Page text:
Cisco Launches Lifelike Videoconferencing System

 
 
By Paula Musich  |  Posted 2006-10-23 Email Print this article Print
 
 
 
 
 
 
 

The Cisco TelePresence virtual meeting system creates an experience that closely resembles a live, in-person meeting.

Cisco Systems on Oct. 23 will attempt to change the videoconferencing game when it takes the wraps off its Cisco TelePresence system that more closely resembles an in-person meeting. The new Cisco TelePresence virtual meeting system was designed from the ground up to create a meeting experience that is as close as possible to a live, in-person meeting. The comprehensive system controls all aspects of the virtual meeting—down to the physical conference table, lighting, room design, and audio and video inputs—to provide a high-quality experience, according to Randy Harrell, director of product marketing in Ciscos new TelePresence systems business unit in San Jose, Calif.
"With the virtual table experience, we take a conference table, cut it in half and add 2,000 miles, but you still have the same human factors. Two people per screen are life size, you see eye contact and body language. All the components delivered on that promise," he said.
To read more about Ciscos TelePresence system, click here. In a departure from its acquire and integrate strategy of innovation, about 85 Cisco engineers spent two years developing the technology with an emphasis on innovation. "Were one of the best funded startups in the Valley," quipped Harrell.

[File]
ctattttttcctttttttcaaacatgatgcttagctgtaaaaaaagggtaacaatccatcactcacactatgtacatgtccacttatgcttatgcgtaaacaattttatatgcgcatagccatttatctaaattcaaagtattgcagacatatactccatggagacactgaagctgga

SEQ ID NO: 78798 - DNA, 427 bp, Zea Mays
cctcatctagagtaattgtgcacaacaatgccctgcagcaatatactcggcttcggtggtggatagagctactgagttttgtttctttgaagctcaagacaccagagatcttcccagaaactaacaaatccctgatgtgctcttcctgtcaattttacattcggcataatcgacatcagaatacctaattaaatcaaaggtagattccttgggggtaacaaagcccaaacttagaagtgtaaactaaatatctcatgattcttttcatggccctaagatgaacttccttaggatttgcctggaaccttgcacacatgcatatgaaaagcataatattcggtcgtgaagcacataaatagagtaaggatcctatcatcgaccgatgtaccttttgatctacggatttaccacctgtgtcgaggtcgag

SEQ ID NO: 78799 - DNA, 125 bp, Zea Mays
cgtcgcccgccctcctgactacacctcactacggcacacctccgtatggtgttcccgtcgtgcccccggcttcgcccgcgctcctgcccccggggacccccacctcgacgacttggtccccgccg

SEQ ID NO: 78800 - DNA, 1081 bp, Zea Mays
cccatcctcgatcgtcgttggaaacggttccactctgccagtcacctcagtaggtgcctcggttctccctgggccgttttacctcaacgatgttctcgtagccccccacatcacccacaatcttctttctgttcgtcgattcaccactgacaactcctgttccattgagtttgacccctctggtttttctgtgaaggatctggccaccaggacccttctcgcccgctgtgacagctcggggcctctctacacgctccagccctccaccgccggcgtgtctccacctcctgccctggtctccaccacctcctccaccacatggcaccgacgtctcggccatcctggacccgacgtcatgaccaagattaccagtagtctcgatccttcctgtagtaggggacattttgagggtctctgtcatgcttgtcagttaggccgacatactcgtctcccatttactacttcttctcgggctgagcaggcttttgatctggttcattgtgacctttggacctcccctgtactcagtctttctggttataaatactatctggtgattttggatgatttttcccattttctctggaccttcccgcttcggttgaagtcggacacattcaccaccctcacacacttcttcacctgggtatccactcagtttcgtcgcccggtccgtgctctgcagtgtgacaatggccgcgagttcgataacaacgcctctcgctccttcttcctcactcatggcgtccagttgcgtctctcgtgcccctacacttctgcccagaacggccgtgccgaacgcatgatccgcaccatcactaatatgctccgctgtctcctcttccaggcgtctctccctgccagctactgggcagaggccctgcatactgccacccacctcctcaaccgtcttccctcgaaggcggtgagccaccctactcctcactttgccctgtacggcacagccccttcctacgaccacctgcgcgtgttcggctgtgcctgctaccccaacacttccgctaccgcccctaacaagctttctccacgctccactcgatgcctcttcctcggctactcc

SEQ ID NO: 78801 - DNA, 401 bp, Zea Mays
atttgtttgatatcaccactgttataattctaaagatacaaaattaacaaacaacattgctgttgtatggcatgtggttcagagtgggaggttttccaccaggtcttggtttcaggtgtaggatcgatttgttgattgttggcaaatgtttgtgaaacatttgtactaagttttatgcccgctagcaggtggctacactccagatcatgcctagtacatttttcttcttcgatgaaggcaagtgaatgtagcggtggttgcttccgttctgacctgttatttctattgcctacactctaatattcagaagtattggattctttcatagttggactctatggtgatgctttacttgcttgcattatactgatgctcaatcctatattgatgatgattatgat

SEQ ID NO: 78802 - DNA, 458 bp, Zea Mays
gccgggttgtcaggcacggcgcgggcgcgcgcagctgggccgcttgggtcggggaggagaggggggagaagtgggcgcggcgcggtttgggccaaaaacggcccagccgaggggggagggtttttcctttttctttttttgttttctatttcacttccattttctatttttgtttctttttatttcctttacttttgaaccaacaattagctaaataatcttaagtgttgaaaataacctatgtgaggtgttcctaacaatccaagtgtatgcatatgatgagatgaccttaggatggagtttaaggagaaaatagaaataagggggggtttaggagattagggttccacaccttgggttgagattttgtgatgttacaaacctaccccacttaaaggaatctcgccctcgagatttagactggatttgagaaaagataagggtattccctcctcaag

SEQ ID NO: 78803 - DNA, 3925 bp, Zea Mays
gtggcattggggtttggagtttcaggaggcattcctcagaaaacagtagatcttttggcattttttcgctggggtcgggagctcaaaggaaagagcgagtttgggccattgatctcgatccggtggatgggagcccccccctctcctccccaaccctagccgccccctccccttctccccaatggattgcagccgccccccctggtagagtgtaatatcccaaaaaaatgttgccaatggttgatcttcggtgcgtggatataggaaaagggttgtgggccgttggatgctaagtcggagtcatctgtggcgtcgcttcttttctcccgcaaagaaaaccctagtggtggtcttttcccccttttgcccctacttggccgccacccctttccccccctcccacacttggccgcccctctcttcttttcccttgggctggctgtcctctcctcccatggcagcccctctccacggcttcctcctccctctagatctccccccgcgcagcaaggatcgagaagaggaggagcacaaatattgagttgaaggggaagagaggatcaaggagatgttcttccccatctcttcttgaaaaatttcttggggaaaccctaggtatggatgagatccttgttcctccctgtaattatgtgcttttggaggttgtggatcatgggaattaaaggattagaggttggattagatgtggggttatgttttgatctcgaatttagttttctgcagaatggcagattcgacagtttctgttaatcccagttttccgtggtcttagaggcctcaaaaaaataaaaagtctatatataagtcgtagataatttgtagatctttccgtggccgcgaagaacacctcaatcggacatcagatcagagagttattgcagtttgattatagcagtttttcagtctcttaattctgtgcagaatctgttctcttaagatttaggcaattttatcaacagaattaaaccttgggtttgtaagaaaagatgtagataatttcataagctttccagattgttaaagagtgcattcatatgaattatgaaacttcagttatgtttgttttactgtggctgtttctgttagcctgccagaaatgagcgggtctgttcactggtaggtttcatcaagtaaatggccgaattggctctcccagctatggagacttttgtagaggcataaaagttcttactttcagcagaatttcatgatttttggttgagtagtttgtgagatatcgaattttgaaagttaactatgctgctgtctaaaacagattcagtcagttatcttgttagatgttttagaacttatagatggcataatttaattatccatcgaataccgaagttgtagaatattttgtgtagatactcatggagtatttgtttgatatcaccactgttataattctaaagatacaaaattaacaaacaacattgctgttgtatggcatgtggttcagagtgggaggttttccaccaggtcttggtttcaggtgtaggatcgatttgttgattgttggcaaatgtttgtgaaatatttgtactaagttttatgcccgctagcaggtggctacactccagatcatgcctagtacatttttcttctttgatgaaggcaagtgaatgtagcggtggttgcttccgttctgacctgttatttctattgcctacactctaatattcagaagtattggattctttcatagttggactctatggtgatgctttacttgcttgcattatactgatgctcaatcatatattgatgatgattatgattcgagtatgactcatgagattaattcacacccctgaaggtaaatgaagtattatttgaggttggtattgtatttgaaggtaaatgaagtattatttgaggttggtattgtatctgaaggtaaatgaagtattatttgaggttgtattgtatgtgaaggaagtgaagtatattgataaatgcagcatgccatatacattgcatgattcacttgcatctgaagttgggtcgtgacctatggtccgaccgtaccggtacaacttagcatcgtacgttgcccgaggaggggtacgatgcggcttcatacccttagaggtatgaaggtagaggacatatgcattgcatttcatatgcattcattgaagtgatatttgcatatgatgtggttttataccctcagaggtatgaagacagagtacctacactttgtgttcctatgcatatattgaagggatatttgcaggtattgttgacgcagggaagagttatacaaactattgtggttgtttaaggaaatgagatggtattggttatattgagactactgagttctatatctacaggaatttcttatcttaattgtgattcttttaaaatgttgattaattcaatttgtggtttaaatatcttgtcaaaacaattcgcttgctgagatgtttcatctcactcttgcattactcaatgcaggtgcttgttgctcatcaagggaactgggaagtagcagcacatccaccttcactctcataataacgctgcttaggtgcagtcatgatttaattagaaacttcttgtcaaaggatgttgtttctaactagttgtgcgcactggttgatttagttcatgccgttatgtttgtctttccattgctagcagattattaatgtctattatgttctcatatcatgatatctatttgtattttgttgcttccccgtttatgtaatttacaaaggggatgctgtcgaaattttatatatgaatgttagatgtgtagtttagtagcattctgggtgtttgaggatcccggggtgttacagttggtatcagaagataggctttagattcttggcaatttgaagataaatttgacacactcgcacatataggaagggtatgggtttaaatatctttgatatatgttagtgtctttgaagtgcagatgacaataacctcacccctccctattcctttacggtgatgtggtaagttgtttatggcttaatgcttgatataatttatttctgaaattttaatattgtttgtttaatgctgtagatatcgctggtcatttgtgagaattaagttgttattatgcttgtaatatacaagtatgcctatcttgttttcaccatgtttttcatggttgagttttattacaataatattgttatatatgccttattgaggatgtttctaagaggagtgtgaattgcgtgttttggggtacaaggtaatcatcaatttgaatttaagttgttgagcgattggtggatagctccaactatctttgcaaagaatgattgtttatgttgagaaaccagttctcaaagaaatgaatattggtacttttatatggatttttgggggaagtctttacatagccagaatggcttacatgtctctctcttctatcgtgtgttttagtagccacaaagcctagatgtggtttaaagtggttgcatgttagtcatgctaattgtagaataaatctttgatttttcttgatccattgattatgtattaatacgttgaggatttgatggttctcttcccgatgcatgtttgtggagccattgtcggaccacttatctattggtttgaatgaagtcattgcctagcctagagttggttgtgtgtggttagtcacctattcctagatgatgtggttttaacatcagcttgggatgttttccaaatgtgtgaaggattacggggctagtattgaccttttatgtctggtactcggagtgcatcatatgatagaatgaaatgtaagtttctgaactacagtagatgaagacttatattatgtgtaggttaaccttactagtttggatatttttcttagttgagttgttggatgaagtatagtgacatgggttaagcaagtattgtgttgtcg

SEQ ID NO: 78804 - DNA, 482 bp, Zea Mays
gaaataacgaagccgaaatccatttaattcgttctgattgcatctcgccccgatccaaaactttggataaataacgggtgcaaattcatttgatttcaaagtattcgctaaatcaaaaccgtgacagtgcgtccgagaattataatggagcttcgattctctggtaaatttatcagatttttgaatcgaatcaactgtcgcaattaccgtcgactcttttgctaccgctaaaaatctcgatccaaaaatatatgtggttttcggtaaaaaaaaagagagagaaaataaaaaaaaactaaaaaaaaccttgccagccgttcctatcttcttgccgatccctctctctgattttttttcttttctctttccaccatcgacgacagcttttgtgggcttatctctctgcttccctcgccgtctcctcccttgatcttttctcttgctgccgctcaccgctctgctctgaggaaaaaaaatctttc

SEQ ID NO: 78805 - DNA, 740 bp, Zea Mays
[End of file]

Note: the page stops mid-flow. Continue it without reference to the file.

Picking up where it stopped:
Despite an emphasis on time-to-market, the initial TelePresence system products, due in December, are trailing Hewlett-Packards Halo next-generation videoconferencing managed service to the market. "HP did beat them to market, but not by much. Cisco is usually a laggard, but theyre trying to change that," said Ellen Daley, an analyst with Forrester Research in Cambridge, Mass. Cisco took a very different approach from the Halo system, which pulls together several components not manufactured by HP, according to Harrell. "The biggest difference is that were an IT end point," he said. "We allow our customers to put this end point on their networks, and the customer can pick their carrier," claimed Harrell, who added that the Halo managed service requires customers to buy a DS-3 WAN link for the service. Mike Vizard praises Cisco for its innovation in videoconferencing. Click here to read his blog. Cisco instead has chosen to partner with carriers to deliver the TelePresence system and ensure that the customers network as well as the carriers quality of service and security mechanisms integrate to provide the necessary security and bandwidth. Harrell estimated that a virtual meeting requires 10M bps to 12M bps of bandwidth instead of the DS-3s 45M bps. And it can share the connection with existing enterprise traffic. The first two product instantiations of the system include the Cisco TelePresence 1000 for small-group meetings and one-on-one conversations and the Cisco TelePresence 3000 for meetings of up to 12 people. The CTS 1000 is a single-screen version that streams video streams at 1,080-pixel screen resolution—double the quality of high-definition TV. It also streams high-fidelity audio. The CTS 3000 streams three 1,080-pixel video streams and four discrete high-fidelity audio streams. The systems come with a high price tag—at least a $250,000 street price, estimated Harrell. That could limit the potential market for the system, Daley said. "Cisco may think this will be the game changer for what hasnt been solved for videoconferencing in the enterprise. No one used it because it was a really bad experience. But its going to be very difficult for it to travel beyond the executive suite at $300,000 a pair," she said. Cisco initially chose to work with 24 channel partners, which it has trained over the last six months, to take the system to market. An inspector from the new business unit will perform assessment to ensure that the network and environment are correct. Cisco with the TelePresence system is seeking to control all aspects of the environment to ensure a high-quality experience. Toward that end, it is specifying the conference room construction, lighting, paint and more, which the inspector will verify. "Weve gone to great lengths to deliver the quality. We want to make sure the room is right, the paint is right, so Cisco built the [conference] table, the light balance, [and specified] the ceiling lighting as fill lighting. We control paint selection, color tune lighting, and the drop power and network. I want two guys to install this in two days with no building permits. Well build another door into your company," said Harrell, who added that the room dimensions must be at least 15 by 20 feet. Cisco has worked with carriers for the last year to help them prepare new WAN services for TelePresence deployments. "We worked with carrier partners to design the architecture and create design guides for what they do in their [Multi Protocol Label Switching] cores and last mile to deliver continuity like dial tone," he said. "You will see commercial [services] come to market in the last half of 07 from our Tier 1 providers." The TelePresence system integrates with Ciscos Call Manager VOIP (voice over IP) software as well as its security mechanisms. It also integrates with groupware such as Microsofts Outlook, to allow videoconferences to be scheduled within a familiar tool. The Call Manager integration allows videoconference calls to be made as easily as touching the screen on a Cisco IP phone. Check out eWEEK.coms for the latest news, views and analysis on voice over IP and telephony.
 
 
 
 
 
 
 
 
 
 
 

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